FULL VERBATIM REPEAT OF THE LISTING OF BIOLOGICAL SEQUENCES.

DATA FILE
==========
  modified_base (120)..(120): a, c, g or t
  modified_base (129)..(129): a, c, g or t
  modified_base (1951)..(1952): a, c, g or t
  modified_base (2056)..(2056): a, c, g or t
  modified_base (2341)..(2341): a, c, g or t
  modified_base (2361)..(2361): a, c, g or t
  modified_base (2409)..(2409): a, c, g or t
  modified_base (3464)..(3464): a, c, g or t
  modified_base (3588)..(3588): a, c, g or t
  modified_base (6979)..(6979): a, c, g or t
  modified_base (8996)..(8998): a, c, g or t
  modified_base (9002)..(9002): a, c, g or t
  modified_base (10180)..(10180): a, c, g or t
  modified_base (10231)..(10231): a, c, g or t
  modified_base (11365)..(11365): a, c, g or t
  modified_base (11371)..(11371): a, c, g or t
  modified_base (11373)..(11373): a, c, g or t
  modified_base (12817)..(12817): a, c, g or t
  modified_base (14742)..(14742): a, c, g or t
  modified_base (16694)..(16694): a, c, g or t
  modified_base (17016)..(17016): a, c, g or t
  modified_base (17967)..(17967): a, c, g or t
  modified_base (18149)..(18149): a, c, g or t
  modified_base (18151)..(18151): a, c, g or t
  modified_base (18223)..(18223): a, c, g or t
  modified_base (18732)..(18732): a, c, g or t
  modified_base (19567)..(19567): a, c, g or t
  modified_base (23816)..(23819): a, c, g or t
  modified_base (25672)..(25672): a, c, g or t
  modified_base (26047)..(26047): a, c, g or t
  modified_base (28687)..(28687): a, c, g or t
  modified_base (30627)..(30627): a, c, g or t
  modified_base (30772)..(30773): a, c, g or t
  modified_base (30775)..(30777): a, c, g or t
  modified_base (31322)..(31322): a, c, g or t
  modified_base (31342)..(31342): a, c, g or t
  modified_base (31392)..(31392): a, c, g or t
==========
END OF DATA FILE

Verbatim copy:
  modified_base (120)..(120): a, c, g or t
  modified_base (129)..(129): a, c, g or t
  modified_base (1951)..(1952): a, c, g or t
  modified_base (2056)..(2056): a, c, g or t
  modified_base (2341)..(2341): a, c, g or t
  modified_base (2361)..(2361): a, c, g or t
  modified_base (2409)..(2409): a, c, g or t
  modified_base (3464)..(3464): a, c, g or t
  modified_base (3588)..(3588): a, c, g or t
  modified_base (6979)..(6979): a, c, g or t
  modified_base (8996)..(8998): a, c, g or t
  modified_base (9002)..(9002): a, c, g or t
  modified_base (10180)..(10180): a, c, g or t
  modified_base (10231)..(10231): a, c, g or t
  modified_base (11365)..(11365): a, c, g or t
  modified_base (11371)..(11371): a, c, g or t
  modified_base (11373)..(11373): a, c, g or t
  modified_base (12817)..(12817): a, c, g or t
  modified_base (14742)..(14742): a, c, g or t
  modified_base (16694)..(16694): a, c, g or t
  modified_base (17016)..(17016): a, c, g or t
  modified_base (17967)..(17967): a, c, g or t
  modified_base (18149)..(18149): a, c, g or t
  modified_base (18151)..(18151): a, c, g or t
  modified_base (18223)..(18223): a, c, g or t
  modified_base (18732)..(18732): a, c, g or t
  modified_base (19567)..(19567): a, c, g or t
  modified_base (23816)..(23819): a, c, g or t
  modified_base (25672)..(25672): a, c, g or t
  modified_base (26047)..(26047): a, c, g or t
  modified_base (28687)..(28687): a, c, g or t
  modified_base (30627)..(30627): a, c, g or t
  modified_base (30772)..(30773): a, c, g or t
  modified_base (30775)..(30777): a, c, g or t
  modified_base (31322)..(31322): a, c, g or t
  modified_base (31342)..(31342): a, c, g or t
  modified_base (31392)..(31392): a, c, g or t